Posted on December 10, 2015

By Karuna Jaggar, Executive Director

Karuna Jaggar HeadshotThroughout the day on Wednesday, the first full day of the annual San Antonio Breast Cancer Symposium (SABCS), the emerging theme was less can be more for patients. In this session we learned that skipping radiation for some low-risk breast cancer patients may be a viable option, resulting in comparable overall survival and leaving the patient without radiation-related harms.

In the opening plenary lecture on Wednesday morning, Dr. Jay R. Harris (Dana Farber Cancer Center) argued that there are some patients who can safely omit radiation after lumpectomy. Data has shown that lumpectomy plus radiation is comparable to mastectomy. While there are many advantages to breast-conserving surgery (lumpectomy) for women, the short and long term harms from radiation are not insignificant. Now there is data suggesting that some patients can safely avoid radiation therapy after surgery.

Previous data already established that for older patients with ER+ breast cancer, treated with tamoxifen, it is reasonable to omit radiation. Even though there is a somewhat higher risk of recurrence without radiation, the absolute risk is very low to begin with and treating with radiation offers no benefit in terms of overall survival. Furthermore, for those women who have a recurrence, they are still eligible for a second lumpectomy because they were not treated with radiation the first time.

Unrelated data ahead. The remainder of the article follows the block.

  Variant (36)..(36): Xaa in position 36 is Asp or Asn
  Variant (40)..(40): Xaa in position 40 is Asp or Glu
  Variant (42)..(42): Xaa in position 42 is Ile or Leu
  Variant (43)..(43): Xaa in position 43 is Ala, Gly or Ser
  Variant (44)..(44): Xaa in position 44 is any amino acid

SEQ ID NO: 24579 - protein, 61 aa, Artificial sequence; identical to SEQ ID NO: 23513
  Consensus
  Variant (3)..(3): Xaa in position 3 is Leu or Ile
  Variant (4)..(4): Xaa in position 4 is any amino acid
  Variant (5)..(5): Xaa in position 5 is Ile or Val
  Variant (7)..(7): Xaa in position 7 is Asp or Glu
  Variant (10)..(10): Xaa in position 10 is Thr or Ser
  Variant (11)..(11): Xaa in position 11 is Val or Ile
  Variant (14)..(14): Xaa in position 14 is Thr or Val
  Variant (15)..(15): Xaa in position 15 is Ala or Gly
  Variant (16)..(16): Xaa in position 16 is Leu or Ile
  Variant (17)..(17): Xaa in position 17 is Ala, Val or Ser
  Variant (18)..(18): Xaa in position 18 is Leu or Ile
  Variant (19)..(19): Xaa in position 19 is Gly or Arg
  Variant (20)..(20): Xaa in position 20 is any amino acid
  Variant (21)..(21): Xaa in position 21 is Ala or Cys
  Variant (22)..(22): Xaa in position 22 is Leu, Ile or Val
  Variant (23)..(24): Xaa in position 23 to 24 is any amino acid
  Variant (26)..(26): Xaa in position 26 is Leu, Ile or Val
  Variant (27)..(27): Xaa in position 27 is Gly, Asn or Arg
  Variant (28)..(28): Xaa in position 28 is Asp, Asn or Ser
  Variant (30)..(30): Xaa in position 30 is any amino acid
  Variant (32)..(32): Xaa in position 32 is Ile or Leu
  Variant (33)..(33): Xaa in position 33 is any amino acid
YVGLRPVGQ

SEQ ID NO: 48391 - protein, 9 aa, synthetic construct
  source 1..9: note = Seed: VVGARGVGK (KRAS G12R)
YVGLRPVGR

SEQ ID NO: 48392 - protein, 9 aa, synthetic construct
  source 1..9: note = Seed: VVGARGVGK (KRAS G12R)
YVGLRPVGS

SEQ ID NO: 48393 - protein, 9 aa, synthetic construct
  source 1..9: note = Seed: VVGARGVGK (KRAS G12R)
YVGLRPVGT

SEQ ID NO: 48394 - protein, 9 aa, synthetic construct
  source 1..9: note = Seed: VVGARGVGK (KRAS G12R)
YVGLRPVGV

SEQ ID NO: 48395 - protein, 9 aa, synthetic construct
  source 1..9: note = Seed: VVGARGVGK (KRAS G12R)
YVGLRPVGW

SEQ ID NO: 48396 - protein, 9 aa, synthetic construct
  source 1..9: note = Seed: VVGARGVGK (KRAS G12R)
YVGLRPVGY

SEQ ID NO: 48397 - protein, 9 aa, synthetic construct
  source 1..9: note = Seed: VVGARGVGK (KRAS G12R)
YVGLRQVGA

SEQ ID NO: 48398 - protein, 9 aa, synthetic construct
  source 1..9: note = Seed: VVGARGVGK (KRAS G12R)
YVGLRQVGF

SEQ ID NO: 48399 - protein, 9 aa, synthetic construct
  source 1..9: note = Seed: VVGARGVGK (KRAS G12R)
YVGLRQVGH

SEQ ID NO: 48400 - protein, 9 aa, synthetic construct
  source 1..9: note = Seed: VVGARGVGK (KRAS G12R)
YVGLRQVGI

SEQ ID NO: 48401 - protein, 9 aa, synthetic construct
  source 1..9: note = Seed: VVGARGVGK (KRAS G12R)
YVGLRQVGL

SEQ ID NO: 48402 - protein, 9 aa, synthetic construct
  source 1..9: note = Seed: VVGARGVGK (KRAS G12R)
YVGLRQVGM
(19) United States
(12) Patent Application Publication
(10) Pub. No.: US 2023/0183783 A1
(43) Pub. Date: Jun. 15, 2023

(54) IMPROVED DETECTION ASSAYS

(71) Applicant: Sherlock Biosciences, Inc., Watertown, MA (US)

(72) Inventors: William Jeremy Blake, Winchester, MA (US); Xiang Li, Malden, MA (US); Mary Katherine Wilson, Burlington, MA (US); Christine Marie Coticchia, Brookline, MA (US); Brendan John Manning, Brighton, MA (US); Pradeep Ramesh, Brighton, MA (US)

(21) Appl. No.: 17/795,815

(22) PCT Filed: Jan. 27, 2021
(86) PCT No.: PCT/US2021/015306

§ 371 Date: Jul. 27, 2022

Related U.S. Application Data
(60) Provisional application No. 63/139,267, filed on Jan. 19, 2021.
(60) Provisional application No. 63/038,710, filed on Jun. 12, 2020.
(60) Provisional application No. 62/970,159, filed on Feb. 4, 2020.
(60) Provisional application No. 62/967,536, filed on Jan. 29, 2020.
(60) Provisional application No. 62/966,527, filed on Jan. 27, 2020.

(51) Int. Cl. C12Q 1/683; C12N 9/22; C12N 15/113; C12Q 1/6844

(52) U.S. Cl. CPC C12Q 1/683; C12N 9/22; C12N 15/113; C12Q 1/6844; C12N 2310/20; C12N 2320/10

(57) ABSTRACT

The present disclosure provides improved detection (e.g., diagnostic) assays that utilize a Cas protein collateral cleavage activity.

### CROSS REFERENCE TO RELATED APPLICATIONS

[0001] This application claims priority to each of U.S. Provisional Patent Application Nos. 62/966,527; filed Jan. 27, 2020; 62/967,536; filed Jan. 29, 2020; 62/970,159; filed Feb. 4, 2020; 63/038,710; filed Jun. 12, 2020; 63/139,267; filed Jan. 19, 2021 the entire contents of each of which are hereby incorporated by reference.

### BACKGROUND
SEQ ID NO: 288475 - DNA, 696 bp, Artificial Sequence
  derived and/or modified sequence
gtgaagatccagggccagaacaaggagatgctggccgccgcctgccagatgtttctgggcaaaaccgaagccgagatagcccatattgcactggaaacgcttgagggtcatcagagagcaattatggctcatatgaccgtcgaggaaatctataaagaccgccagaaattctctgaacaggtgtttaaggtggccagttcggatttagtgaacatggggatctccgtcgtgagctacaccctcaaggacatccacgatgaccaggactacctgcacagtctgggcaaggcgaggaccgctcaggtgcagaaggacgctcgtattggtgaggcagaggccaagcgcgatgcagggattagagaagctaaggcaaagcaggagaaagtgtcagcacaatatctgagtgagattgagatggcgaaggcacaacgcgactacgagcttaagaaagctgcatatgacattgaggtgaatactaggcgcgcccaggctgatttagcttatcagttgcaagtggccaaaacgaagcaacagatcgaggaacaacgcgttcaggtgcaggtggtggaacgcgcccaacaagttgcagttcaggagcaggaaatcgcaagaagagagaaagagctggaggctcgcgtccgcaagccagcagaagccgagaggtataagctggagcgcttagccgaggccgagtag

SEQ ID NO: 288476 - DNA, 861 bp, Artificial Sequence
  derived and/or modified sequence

Radiation can reduce the risk of local recurrence and of death, although (counter-intuitive for many) the data shows that local recurrence did not influence survival outcomes. A recent meta-analysis of breast-conserving therapy with or without radiation shows that radiation reduces the relative risk of recurrence by about half. Furthermore, radiation reduces the risk of death by 1/6th. But for women with a low overall risk, the absolute benefit of adding radiation can be very small.

Over more than four decades, the 5-year risk of local recurrence has declined from around 10% in the 1970s to about 2% today. (Dr. Harris notes that it’s ironic that as breast-conserving therapy gets better, more patients are choosing mastectomy.)

The main factor in predicting local recurrence is the biologic subtype of the tumor. Age (or lack thereof) is also a risk factor; the youngest patients had the highest rates of local recurrence but it is less of a determining factor than tumor type. The highest rates of recurrence are HER2+ breast cancers that have not been treated with Herceptin, followed by triple negative breast cancers, which have a four-fold risk of recurrence compared to lowest risk luminal A breast cancers.

Dr. Harris, who recently retired from Dana-Farber, noted the institution will start offering hormone therapy alone to women age 50-75 with small (low grade), node negative luminal A breast cancers ; these women will have the option of avoiding radiation. This is good news for women who have concerns about the immediate and longer term harms of radiation.